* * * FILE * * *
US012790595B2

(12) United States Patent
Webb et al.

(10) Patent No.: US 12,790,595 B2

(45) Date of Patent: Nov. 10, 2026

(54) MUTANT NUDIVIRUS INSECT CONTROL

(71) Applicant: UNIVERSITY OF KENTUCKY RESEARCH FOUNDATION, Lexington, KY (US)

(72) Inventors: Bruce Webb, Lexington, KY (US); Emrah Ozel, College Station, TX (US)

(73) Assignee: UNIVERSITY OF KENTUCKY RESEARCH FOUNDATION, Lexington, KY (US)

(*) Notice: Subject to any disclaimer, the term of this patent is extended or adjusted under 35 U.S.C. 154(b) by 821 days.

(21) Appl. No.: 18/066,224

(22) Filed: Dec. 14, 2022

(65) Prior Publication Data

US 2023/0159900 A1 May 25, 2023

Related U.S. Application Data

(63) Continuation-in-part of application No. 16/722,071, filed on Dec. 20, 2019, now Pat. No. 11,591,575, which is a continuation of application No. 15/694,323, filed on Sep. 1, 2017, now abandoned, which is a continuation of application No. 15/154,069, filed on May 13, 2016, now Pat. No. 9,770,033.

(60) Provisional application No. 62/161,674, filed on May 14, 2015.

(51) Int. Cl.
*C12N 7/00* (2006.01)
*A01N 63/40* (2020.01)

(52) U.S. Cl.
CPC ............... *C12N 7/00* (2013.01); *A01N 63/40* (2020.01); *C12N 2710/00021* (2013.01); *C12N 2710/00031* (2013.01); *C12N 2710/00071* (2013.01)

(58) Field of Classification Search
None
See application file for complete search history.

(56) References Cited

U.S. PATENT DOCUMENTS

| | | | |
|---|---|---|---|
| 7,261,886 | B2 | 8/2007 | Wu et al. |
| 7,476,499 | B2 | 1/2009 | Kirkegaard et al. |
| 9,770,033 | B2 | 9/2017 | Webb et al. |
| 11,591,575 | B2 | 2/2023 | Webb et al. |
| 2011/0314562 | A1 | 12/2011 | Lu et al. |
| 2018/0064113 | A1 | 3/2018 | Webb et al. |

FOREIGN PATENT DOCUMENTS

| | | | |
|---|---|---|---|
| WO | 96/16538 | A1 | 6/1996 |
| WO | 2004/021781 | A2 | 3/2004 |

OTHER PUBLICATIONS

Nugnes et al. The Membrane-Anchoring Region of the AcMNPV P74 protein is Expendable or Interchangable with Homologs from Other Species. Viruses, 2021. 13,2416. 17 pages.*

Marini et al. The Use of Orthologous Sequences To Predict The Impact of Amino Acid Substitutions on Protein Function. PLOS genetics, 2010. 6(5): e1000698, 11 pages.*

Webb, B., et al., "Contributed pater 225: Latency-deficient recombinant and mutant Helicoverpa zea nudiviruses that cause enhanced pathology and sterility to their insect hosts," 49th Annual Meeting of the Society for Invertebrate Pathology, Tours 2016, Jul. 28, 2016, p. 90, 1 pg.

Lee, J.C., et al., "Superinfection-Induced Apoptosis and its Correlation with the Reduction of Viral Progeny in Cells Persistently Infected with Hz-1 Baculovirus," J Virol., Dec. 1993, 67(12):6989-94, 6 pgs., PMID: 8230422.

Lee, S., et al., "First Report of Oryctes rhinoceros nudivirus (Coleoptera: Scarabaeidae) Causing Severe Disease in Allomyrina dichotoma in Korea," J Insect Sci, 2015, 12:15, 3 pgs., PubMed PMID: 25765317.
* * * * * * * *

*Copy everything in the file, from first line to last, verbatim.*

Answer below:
US012790595B2

(12) United States Patent
Webb et al.

(10) Patent No.: US 12,790,595 B2

(45) Date of Patent: Nov. 10, 2026

(54) MUTANT NUDIVIRUS INSECT CONTROL

(71) Applicant: UNIVERSITY OF KENTUCKY RESEARCH FOUNDATION, Lexington, KY (US)

(72) Inventors: Bruce Webb, Lexington, KY (US); Emrah Ozel, College Station, TX (US)

(73) Assignee: UNIVERSITY OF KENTUCKY RESEARCH FOUNDATION, Lexington, KY (US)

(*) Notice: Subject to any disclaimer, the term of this patent is extended or adjusted under 35 U.S.C. 154(b) by 821 days.

(21) Appl. No.: 18/066,224

(22) Filed: Dec. 14, 2022

(65) Prior Publication Data

US 2023/0159900 A1 May 25, 2023

Related U.S. Application Data

(63) Continuation-in-part of application No. 16/722,071, filed on Dec. 20, 2019, now Pat. No. 11,591,575, which is a continuation of application No. 15/694,323, filed on Sep. 1, 2017, now abandoned, which is a continuation of application No. 15/154,069, filed on May 13, 2016, now Pat. No. 9,770,033.

(60) Provisional application No. 62/161,674, filed on May 14, 2015.

(51) Int. Cl.
*C12N 7/00* (2006.01)
*A01N 63/40* (2020.01)

(52) U.S. Cl.
CPC ............... *C12N 7/00* (2013.01); *A01N 63/40* (2020.01); *C12N 2710/00021* (2013.01); *C12N 2710/00031* (2013.01); *C12N 2710/00071* (2013.01)

(58) Field of Classification Search
None
See application file for complete search history.

(56) References Cited

U.S. PATENT DOCUMENTS

| | | | |
|---|---|---|---|
| 7,261,886 | B2 | 8/2007 | Wu et al. |
| 7,476,499 | B2 | 1/2009 | Kirkegaard et al. |
| 9,770,033 | B2 | 9/2017 | Webb et al. |
| 11,591,575 | B2 | 2/2023 | Webb et al. |
| 2011/0314562 | A1 | 12/2011 | Lu et al. |
| 2018/0064113 | A1 | 3/2018 | Webb et al. |

FOREIGN PATENT DOCUMENTS

| | | | |
|---|---|---|---|
| WO | 96/16538 | A1 | 6/1996 |
| WO | 2004/021781 | A2 | 3/2004 |

OTHER PUBLICATIONS

Nugnes et al. The Membrane-Anchoring Region of the AcMNPV P74 protein is Expendable or Interchangable with Homologs from Other Species. Viruses, 2021. 13,2416. 17 pages.*

Marini et al. The Use of Orthologous Sequences To Predict The Impact of Amino Acid Substitutions on Protein Function. PLOS genetics, 2010. 6(5): e1000698, 11 pages.*

Webb, B., et al., "Contributed pater 225: Latency-deficient recombinant and mutant Helicoverpa zea nudiviruses that cause enhanced pathology and sterility to their insect hosts," 49th Annual Meeting of the Society for Invertebrate Pathology, Tours 2016, Jul. 28, 2016, p. 90, 1 pg.

Lee, J.C., et al., "Superinfection-Induced Apoptosis and its Correlation with the Reduction of Viral Progeny in Cells Persistently Infected with Hz-1 Baculovirus," J Virol., Dec. 1993, 67(12):6989-94, 6 pgs., PMID: 8230422.

Lee, S., et al., "First Report of Oryctes rhinoceros nudivirus (Coleoptera: Scarabaeidae) Causing Severe Disease in Allomyrina dichotoma in Korea," J Insect Sci, 2015, 12:15, 3 pgs., PubMed PMID: 25765317.